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The history of the teaching of gross anatomy and how we got to where we are!

Moxham, Bernard and Plaisant, Odile 2014. The history of the teaching of gross anatomy and how we got to where we are! European Journal of Anatomy 18 (3) , pp. 219-244.

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Evidence primarily from historical considerations is gathered to compare a variety of approaches to the teaching and learning of gross (topographical) human anatomy. The historical approach adopted is not just a chronological approach to the development of pedagogy but is conceptually based to underline the changing culture of medicine and the ways in which normal and abnormal structure and function have been considered. Although there is often claimed to be an unbreachable divide between ‘traditionalists’ and ‘modernists’ amongst teachers of gross anatomy, and although the method of teaching gross anatomy by means of dissection by the students is frequently referred to as the ‘traditional’ method, historically this method only came into its heyday relatively recently when legislation permitted a sufficiency of bodies to dissect and with the advent of experiential learning and the development of the idea of students achieving competency skills. Paradoxically, the so-called ‘modern’ way (e.g. problem-based learning, computer-based learning) that relies more on library/book work and computer simulations harks back to the pre-Renaissance scholastic approach. Our findings suggest that, as anatomy teaching has moved away from dissection by students, the culture of medicine has become more inclined towards the disease-based model and not towards the functionality (health) -based model. Overall, we conclude that the main focus of attention historically has been the rôle of dissection. Where in the past religious authorities were foremost in condemning dissection now it is academic and postmodernist strictures that denigrate historical perspectives.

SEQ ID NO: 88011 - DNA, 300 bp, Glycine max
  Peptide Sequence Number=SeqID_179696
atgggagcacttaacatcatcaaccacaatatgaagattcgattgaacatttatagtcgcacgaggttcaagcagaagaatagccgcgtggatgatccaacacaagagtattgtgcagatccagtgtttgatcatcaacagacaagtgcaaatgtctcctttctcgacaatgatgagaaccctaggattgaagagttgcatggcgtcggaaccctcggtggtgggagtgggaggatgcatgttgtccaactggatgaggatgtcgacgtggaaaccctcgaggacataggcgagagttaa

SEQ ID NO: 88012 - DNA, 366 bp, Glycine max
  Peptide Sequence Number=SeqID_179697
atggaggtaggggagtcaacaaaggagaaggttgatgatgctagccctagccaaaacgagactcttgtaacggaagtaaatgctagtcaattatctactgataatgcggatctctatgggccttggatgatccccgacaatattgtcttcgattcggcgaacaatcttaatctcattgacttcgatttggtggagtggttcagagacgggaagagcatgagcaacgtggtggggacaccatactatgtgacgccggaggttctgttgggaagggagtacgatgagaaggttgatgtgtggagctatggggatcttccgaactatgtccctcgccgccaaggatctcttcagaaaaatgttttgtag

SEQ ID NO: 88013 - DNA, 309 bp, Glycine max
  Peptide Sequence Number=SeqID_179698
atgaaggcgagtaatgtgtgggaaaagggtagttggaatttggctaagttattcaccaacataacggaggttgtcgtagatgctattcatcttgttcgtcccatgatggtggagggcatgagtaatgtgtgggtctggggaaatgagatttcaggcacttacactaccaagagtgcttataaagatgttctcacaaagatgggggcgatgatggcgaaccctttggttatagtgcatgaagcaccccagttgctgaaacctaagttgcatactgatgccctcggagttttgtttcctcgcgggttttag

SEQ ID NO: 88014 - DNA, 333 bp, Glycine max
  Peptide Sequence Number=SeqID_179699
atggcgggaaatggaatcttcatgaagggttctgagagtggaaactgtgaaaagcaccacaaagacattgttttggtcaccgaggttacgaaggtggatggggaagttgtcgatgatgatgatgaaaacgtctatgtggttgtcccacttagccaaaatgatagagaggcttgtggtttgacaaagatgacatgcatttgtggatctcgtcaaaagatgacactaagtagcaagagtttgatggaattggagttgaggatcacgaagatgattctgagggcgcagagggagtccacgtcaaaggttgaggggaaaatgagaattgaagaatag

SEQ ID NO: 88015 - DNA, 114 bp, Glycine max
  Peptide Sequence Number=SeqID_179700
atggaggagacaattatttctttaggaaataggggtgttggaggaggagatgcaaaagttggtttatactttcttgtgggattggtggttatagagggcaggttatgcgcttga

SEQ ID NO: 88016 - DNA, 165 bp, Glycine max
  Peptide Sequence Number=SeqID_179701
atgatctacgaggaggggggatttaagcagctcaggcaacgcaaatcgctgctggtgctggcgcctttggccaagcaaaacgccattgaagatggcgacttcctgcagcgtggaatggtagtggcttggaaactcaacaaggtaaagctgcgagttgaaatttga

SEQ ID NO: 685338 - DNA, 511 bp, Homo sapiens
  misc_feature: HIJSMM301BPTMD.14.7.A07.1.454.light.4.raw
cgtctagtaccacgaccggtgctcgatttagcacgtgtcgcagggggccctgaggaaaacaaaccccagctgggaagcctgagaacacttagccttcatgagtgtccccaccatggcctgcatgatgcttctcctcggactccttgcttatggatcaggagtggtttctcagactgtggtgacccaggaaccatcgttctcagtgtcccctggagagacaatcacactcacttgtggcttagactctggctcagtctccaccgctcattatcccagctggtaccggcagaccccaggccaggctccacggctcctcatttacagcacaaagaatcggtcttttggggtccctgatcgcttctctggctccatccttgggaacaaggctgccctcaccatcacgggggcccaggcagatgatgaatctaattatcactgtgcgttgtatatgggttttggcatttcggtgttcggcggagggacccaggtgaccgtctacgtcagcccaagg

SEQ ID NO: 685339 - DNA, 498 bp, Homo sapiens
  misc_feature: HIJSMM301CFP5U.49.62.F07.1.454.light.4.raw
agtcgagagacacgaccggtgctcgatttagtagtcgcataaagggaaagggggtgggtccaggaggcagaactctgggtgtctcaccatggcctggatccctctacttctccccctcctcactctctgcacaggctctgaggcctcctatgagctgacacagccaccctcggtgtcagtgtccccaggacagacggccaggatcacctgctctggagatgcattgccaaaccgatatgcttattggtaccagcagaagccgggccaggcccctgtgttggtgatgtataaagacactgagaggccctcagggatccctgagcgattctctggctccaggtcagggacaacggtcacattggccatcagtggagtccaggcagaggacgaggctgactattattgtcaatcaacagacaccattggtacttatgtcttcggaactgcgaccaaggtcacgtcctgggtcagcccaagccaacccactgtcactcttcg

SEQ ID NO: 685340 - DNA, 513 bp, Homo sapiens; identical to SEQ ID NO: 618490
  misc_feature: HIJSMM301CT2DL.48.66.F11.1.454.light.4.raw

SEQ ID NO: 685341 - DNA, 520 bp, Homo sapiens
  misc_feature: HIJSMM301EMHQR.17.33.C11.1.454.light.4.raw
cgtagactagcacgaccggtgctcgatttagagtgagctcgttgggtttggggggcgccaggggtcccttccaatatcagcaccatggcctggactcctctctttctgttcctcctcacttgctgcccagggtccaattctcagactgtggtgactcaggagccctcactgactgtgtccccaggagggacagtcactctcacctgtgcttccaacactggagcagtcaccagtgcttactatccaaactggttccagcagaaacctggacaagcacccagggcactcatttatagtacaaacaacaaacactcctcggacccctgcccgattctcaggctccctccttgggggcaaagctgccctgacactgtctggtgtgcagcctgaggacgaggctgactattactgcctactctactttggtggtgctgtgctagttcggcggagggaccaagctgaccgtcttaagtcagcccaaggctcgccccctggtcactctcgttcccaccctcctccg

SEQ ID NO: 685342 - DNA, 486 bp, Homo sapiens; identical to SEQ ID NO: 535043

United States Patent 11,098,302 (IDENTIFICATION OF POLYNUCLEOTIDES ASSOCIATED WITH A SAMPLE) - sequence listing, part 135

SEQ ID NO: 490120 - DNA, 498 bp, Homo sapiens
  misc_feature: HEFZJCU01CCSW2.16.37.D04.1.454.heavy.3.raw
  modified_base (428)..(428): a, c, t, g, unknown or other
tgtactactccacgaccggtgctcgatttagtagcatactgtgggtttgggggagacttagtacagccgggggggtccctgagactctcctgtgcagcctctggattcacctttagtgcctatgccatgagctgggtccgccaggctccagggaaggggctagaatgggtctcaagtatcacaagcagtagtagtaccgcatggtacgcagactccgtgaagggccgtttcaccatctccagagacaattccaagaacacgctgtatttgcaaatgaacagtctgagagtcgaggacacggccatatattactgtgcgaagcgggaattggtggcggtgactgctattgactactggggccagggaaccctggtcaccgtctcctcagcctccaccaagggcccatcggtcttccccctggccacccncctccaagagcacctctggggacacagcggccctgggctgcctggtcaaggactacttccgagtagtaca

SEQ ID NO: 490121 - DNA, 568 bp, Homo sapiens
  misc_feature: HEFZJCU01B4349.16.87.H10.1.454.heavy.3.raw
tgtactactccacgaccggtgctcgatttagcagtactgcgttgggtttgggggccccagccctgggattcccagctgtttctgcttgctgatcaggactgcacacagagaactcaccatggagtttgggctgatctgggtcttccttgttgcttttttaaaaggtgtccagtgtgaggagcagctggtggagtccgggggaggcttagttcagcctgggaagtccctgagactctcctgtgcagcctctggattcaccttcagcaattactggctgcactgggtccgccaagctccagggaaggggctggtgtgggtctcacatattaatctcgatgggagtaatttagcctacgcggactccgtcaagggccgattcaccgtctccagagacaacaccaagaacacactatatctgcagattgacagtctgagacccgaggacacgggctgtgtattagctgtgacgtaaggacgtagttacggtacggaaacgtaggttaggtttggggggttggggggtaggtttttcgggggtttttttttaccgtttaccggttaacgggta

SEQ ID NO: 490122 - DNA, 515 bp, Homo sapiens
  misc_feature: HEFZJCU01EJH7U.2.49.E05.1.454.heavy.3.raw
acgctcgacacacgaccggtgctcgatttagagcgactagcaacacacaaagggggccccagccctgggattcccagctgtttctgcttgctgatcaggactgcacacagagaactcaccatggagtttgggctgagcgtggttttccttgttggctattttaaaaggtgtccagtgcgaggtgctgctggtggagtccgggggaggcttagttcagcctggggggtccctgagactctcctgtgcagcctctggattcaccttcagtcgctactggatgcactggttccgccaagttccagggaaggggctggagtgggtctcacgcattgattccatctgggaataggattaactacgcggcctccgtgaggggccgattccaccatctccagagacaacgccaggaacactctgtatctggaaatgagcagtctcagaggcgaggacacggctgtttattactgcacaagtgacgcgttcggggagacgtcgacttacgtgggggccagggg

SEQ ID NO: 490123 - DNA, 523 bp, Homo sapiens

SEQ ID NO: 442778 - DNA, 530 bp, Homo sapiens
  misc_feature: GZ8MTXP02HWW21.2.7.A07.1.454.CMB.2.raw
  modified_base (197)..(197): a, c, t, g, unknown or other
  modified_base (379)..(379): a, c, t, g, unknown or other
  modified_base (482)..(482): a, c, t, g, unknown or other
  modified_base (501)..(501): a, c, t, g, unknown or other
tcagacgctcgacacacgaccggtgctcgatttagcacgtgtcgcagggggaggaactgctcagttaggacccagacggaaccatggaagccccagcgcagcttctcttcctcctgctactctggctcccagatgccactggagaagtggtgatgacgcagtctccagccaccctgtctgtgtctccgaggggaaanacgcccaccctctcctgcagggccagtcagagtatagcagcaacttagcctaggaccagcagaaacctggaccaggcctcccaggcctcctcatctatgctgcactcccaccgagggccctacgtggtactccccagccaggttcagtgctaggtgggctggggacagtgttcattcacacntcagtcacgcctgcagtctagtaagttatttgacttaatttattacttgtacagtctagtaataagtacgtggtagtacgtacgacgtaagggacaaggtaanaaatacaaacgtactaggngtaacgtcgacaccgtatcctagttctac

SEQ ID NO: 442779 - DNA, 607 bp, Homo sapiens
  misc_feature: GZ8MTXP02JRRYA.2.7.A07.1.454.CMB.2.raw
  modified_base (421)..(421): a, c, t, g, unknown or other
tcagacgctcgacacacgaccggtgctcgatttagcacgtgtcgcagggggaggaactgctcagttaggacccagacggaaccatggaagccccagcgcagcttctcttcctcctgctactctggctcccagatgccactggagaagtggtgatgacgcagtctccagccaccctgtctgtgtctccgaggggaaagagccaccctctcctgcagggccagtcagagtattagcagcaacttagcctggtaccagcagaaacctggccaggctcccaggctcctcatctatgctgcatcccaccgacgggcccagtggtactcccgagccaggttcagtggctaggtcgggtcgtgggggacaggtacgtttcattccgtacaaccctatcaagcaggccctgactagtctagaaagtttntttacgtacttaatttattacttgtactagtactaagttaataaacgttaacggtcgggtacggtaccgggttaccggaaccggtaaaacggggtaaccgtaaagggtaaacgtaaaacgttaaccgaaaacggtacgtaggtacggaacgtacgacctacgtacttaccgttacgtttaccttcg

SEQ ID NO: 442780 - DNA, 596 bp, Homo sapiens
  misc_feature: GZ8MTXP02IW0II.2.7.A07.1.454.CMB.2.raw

Item Type: Article
Date Type: Published Online
Status: Published
Schools: Biosciences
Publisher: The Spanish Society of Anatomy
ISSN: 1136-4890
Date of Acceptance: 25 June 2014
Last Modified: 22 Feb 2019 13:04

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